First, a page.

The real reason it won't be liked by the content providers (dish, direct tv, cox, comcast, etc), and the channel providers (espn, tnt, discovery, etc.) are all tied to how they currently have their systems. The content providers won't like it much as they have to upgrade their network. They have this aging dinosaur of legacy cable in the ground, and have oil can type filters on their channels. This will require every TV to have a digital box on it to work. Yes they can amortize the cost by charging you $10 a month (or more), but that is not what the customers really want. They want to pay as least amount they can. Imagine a house that has 4 TVs (as many do), and now you are paying $20 a month for service (what is going to be required, just so you can be billed), and $40 just to watch shows on your 4 TVs. That is $60 a month before you pay for the content ... Now you are going to pay for each channel you want. Lets say you are a professional sports enthusiast, and want your channels. You need ESPN, TNT, TBS, NFL, MLBtv, plus the locals just to watch all the games and playoffs. That is probably $20 a month right there (according to cost (before markup) that is paid to each channel by the content providers). We have not even gotten into the costs that are there to watch "shows".
Channel providers have tied their contracts to "cost per seat" style licensing. This means if a content provider has 1.2 million subscribers, they have to pay 1.2 million times the going rate monthly to the channel provider to "carry" that channel, regardless of number of people who actually subscribe to that channel. They love this model as if they can get a critical mass of people (look at AMC and when it was not carried on a cable network, and they almost had a revolt when "walking dead" came back on), they can force more money from the content providers. This is exactly what they want, and don't want to have to deal with real world market forces. In fact, many channels would go away for good if people had to pay to get them. Look at things like FX, which does not have original programming (to my knowledge, it might now, I don't have cable, and use appropriate channel for my point), but only shows re-runs. Who is going to pay for that? Not many people. But since they are now bundled, and at little cost to the content provider, they ride on the coat tails of another company. If they had to compete directly, they would be ruined in months, and disappear.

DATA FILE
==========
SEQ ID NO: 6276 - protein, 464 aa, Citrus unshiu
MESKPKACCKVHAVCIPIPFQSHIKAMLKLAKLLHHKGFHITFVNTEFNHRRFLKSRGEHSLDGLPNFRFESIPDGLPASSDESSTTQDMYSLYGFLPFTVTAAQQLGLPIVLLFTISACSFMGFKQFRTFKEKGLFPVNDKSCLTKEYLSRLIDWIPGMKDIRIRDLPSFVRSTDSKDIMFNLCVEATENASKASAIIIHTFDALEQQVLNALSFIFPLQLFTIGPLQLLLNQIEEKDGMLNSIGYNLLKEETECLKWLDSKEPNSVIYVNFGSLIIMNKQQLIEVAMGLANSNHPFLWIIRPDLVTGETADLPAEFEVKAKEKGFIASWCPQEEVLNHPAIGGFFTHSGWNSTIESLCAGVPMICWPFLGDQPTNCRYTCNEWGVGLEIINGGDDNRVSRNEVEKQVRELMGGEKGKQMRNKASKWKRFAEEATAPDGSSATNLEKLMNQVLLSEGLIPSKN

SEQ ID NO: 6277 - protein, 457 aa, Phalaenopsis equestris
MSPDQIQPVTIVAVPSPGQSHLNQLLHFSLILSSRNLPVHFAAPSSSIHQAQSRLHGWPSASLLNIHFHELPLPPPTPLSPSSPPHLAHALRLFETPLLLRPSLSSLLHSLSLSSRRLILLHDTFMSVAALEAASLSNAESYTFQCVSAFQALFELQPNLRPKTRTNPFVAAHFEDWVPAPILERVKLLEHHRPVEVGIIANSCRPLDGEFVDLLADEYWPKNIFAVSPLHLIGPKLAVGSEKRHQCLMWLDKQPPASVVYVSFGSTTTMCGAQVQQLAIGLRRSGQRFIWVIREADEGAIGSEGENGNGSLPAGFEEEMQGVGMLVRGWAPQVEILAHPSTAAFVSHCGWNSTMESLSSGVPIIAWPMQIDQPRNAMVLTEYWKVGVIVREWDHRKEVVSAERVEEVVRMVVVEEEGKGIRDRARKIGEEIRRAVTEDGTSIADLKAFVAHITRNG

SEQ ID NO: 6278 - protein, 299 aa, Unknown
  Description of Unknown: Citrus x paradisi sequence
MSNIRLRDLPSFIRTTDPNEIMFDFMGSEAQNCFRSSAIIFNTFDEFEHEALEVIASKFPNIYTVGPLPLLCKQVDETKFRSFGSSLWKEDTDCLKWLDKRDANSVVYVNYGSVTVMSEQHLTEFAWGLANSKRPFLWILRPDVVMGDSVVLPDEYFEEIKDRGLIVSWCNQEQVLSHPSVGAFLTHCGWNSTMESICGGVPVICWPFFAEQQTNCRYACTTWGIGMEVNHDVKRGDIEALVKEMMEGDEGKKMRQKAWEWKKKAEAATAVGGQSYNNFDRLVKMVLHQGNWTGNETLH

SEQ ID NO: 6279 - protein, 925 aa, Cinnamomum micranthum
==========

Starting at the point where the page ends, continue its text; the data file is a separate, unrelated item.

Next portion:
This is what they have to address with this bill, should it be good for Americans. They need to provide a way for the content providers to have a service, and they pay for as you go, and pay for the services you use, and not screw the customers for the costs of the upgrades that have so long been needed to their decaying systems. Secondly the channel providers need to realize that they have to fight for time and eye balls now. They have to provide content and actually have decent programming. I don't know how they are going to pull this one off, as these two markets are already established, and the massive changes needed will not be in the final bill passed and we will get some bastardization which wont help anyone (like the health care bill).